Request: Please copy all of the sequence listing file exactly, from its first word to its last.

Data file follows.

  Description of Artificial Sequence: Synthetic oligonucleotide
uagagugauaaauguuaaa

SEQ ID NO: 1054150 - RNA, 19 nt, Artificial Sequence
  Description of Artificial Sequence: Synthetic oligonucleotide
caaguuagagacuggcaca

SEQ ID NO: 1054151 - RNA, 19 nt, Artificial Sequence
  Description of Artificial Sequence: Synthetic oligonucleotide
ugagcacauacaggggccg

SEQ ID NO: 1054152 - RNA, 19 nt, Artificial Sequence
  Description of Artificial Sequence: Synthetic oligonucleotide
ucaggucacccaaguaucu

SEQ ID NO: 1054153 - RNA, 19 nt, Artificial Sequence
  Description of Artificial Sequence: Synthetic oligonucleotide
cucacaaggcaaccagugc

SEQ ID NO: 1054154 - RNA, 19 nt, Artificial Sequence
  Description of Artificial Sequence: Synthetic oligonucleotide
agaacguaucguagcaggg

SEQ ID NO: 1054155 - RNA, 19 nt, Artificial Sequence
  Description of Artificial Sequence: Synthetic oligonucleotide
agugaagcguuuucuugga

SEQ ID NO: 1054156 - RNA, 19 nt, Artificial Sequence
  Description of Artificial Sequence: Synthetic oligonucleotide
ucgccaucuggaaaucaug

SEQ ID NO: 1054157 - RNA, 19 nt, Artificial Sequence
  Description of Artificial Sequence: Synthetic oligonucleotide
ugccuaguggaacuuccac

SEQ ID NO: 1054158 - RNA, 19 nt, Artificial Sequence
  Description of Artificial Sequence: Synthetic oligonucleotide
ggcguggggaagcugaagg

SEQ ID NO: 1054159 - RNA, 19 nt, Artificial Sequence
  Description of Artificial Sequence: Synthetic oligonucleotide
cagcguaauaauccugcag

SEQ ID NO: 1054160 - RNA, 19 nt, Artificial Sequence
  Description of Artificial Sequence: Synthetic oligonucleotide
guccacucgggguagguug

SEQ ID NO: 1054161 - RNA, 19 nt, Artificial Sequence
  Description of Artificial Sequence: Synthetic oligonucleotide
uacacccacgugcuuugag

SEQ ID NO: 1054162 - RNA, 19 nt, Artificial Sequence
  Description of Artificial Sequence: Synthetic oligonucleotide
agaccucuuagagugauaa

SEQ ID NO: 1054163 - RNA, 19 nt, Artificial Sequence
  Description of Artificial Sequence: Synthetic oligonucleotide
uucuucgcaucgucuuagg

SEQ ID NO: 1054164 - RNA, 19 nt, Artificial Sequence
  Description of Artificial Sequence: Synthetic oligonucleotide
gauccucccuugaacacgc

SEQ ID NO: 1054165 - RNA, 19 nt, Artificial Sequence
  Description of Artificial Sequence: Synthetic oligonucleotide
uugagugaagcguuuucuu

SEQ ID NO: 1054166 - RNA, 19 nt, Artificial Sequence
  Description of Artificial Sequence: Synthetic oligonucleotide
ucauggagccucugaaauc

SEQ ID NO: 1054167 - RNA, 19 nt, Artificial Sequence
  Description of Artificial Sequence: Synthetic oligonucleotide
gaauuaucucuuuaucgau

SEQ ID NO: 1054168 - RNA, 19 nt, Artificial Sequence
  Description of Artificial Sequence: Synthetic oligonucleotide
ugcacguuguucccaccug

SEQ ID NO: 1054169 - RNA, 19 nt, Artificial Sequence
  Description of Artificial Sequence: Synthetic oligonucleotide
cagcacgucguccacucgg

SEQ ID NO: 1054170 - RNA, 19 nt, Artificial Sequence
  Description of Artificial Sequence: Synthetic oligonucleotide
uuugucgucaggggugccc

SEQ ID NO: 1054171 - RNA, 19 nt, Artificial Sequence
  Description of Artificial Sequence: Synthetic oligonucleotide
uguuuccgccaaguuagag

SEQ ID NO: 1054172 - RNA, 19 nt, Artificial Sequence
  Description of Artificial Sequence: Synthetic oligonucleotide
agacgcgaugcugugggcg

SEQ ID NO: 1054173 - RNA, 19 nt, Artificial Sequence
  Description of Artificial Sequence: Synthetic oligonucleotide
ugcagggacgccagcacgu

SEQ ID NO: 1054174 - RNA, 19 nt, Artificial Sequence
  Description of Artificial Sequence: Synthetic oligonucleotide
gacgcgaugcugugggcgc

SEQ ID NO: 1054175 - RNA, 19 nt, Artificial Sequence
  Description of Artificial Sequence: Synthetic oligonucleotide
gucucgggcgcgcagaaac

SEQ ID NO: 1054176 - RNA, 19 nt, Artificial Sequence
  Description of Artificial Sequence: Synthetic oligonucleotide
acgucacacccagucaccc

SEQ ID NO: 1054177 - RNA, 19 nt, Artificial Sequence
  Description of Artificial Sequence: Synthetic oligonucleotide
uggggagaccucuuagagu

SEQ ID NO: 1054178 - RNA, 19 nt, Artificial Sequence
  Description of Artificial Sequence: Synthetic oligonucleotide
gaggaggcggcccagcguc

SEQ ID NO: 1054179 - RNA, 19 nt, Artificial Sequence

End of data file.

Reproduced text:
  Description of Artificial Sequence: Synthetic oligonucleotide
uagagugauaaauguuaaa

SEQ ID NO: 1054150 - RNA, 19 nt, Artificial Sequence
  Description of Artificial Sequence: Synthetic oligonucleotide
caaguuagagacuggcaca

SEQ ID NO: 1054151 - RNA, 19 nt, Artificial Sequence
  Description of Artificial Sequence: Synthetic oligonucleotide
ugagcacauacaggggccg

SEQ ID NO: 1054152 - RNA, 19 nt, Artificial Sequence
  Description of Artificial Sequence: Synthetic oligonucleotide
ucaggucacccaaguaucu

SEQ ID NO: 1054153 - RNA, 19 nt, Artificial Sequence
  Description of Artificial Sequence: Synthetic oligonucleotide
cucacaaggcaaccagugc

SEQ ID NO: 1054154 - RNA, 19 nt, Artificial Sequence
  Description of Artificial Sequence: Synthetic oligonucleotide
agaacguaucguagcaggg

SEQ ID NO: 1054155 - RNA, 19 nt, Artificial Sequence
  Description of Artificial Sequence: Synthetic oligonucleotide
agugaagcguuuucuugga

SEQ ID NO: 1054156 - RNA, 19 nt, Artificial Sequence
  Description of Artificial Sequence: Synthetic oligonucleotide
ucgccaucuggaaaucaug

SEQ ID NO: 1054157 - RNA, 19 nt, Artificial Sequence
  Description of Artificial Sequence: Synthetic oligonucleotide
ugccuaguggaacuuccac

SEQ ID NO: 1054158 - RNA, 19 nt, Artificial Sequence
  Description of Artificial Sequence: Synthetic oligonucleotide
ggcguggggaagcugaagg

SEQ ID NO: 1054159 - RNA, 19 nt, Artificial Sequence
  Description of Artificial Sequence: Synthetic oligonucleotide
cagcguaauaauccugcag

SEQ ID NO: 1054160 - RNA, 19 nt, Artificial Sequence
  Description of Artificial Sequence: Synthetic oligonucleotide
guccacucgggguagguug

SEQ ID NO: 1054161 - RNA, 19 nt, Artificial Sequence
  Description of Artificial Sequence: Synthetic oligonucleotide
uacacccacgugcuuugag

SEQ ID NO: 1054162 - RNA, 19 nt, Artificial Sequence
  Description of Artificial Sequence: Synthetic oligonucleotide
agaccucuuagagugauaa

SEQ ID NO: 1054163 - RNA, 19 nt, Artificial Sequence
  Description of Artificial Sequence: Synthetic oligonucleotide
uucuucgcaucgucuuagg

SEQ ID NO: 1054164 - RNA, 19 nt, Artificial Sequence
  Description of Artificial Sequence: Synthetic oligonucleotide
gauccucccuugaacacgc

SEQ ID NO: 1054165 - RNA, 19 nt, Artificial Sequence
  Description of Artificial Sequence: Synthetic oligonucleotide
uugagugaagcguuuucuu

SEQ ID NO: 1054166 - RNA, 19 nt, Artificial Sequence
  Description of Artificial Sequence: Synthetic oligonucleotide
ucauggagccucugaaauc

SEQ ID NO: 1054167 - RNA, 19 nt, Artificial Sequence
  Description of Artificial Sequence: Synthetic oligonucleotide
gaauuaucucuuuaucgau

SEQ ID NO: 1054168 - RNA, 19 nt, Artificial Sequence
  Description of Artificial Sequence: Synthetic oligonucleotide
ugcacguuguucccaccug

SEQ ID NO: 1054169 - RNA, 19 nt, Artificial Sequence
  Description of Artificial Sequence: Synthetic oligonucleotide
cagcacgucguccacucgg

SEQ ID NO: 1054170 - RNA, 19 nt, Artificial Sequence
  Description of Artificial Sequence: Synthetic oligonucleotide
uuugucgucaggggugccc

SEQ ID NO: 1054171 - RNA, 19 nt, Artificial Sequence
  Description of Artificial Sequence: Synthetic oligonucleotide
uguuuccgccaaguuagag

SEQ ID NO: 1054172 - RNA, 19 nt, Artificial Sequence
  Description of Artificial Sequence: Synthetic oligonucleotide
agacgcgaugcugugggcg

SEQ ID NO: 1054173 - RNA, 19 nt, Artificial Sequence
  Description of Artificial Sequence: Synthetic oligonucleotide
ugcagggacgccagcacgu

SEQ ID NO: 1054174 - RNA, 19 nt, Artificial Sequence
  Description of Artificial Sequence: Synthetic oligonucleotide
gacgcgaugcugugggcgc

SEQ ID NO: 1054175 - RNA, 19 nt, Artificial Sequence
  Description of Artificial Sequence: Synthetic oligonucleotide
gucucgggcgcgcagaaac

SEQ ID NO: 1054176 - RNA, 19 nt, Artificial Sequence
  Description of Artificial Sequence: Synthetic oligonucleotide
acgucacacccagucaccc

SEQ ID NO: 1054177 - RNA, 19 nt, Artificial Sequence
  Description of Artificial Sequence: Synthetic oligonucleotide
uggggagaccucuuagagu

SEQ ID NO: 1054178 - RNA, 19 nt, Artificial Sequence
  Description of Artificial Sequence: Synthetic oligonucleotide
gaggaggcggcccagcguc

SEQ ID NO: 1054179 - RNA, 19 nt, Artificial Sequence